Jim Holmes writes "Mary and Tom Poppendieck's Lean Software Development: An Agile Toolkit is a great read for anyone interested in agile software development. That includes developers, leads, and managers interested in speeding up development cycles, improving quality, and getting their customers the best value. This book's been out since May, 2003, but it's well worth picking up. The concepts within are absolutely applicable now, and will continue to be for quite a few years." Read on for the rest of Holmes' review.
|Lean Software Development: An Agile Toolkit|
|author||Mary and Tom Poppendieck|
|summary||Toolkit for getting agile development in your organization.|
Lean Software Development is full of pertinent comparisons between the current state of software development and the massive changes in manufacturing over the last three decades, specifically demonstrated by the Toyota Production System, and 3M's innovative atmosphere for bringing products to life. The Poppendiecks make a great case as to how similar changes in software development can reap great benefits in the software production industry.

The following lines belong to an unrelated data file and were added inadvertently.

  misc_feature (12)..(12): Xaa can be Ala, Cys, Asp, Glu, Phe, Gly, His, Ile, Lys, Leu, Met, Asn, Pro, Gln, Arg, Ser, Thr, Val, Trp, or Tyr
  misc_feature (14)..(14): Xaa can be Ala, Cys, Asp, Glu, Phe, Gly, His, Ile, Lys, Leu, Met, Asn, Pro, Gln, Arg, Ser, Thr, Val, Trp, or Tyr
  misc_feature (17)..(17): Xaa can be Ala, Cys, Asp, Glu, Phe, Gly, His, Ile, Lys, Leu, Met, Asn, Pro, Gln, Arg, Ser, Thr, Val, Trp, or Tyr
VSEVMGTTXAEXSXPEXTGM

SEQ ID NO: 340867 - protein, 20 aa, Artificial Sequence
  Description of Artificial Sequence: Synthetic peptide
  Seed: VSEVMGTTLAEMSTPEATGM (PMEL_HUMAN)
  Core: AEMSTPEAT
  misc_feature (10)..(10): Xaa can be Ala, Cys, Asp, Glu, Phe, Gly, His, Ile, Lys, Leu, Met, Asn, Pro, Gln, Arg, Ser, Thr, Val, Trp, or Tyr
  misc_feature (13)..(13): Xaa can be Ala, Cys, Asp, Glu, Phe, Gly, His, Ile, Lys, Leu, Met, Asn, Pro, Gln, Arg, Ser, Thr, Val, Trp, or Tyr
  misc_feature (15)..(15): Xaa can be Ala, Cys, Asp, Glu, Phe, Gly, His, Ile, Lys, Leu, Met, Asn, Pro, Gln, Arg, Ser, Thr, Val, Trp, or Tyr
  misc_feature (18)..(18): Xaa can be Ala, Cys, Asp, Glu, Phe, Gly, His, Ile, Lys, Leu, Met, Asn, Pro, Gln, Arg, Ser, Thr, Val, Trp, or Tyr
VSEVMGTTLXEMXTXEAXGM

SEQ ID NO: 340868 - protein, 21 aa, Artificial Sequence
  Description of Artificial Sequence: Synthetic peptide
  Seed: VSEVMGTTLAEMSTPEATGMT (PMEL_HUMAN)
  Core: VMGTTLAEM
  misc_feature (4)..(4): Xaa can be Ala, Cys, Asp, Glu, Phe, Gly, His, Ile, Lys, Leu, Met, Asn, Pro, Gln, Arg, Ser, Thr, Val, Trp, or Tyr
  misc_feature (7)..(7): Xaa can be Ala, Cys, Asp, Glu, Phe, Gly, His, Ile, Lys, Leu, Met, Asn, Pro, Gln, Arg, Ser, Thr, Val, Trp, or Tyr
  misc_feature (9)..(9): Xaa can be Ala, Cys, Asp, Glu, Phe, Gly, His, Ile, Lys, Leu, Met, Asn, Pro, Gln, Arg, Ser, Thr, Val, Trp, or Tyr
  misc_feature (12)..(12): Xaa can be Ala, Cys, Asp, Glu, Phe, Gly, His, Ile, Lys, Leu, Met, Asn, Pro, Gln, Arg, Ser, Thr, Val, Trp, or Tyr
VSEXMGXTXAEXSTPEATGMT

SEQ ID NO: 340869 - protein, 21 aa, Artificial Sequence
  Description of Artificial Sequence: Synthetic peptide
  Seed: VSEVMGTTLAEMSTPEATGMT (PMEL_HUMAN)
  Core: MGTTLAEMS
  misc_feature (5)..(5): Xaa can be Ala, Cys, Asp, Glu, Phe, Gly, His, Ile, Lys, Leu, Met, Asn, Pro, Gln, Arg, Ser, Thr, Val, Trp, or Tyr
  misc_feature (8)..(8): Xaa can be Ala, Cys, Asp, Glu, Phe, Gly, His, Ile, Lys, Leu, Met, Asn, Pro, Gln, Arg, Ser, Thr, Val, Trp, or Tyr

Who It's ForThe book's very useful for anyone involved in or around the software development process: developers, leads, managers, and corner-office types. Corner-office types won't get as much out of the book as those in the trenches, but the Poppendiecks' arguments against overly-constraining process management systems may help high-level managers come to understand that such systems can actually hurt production.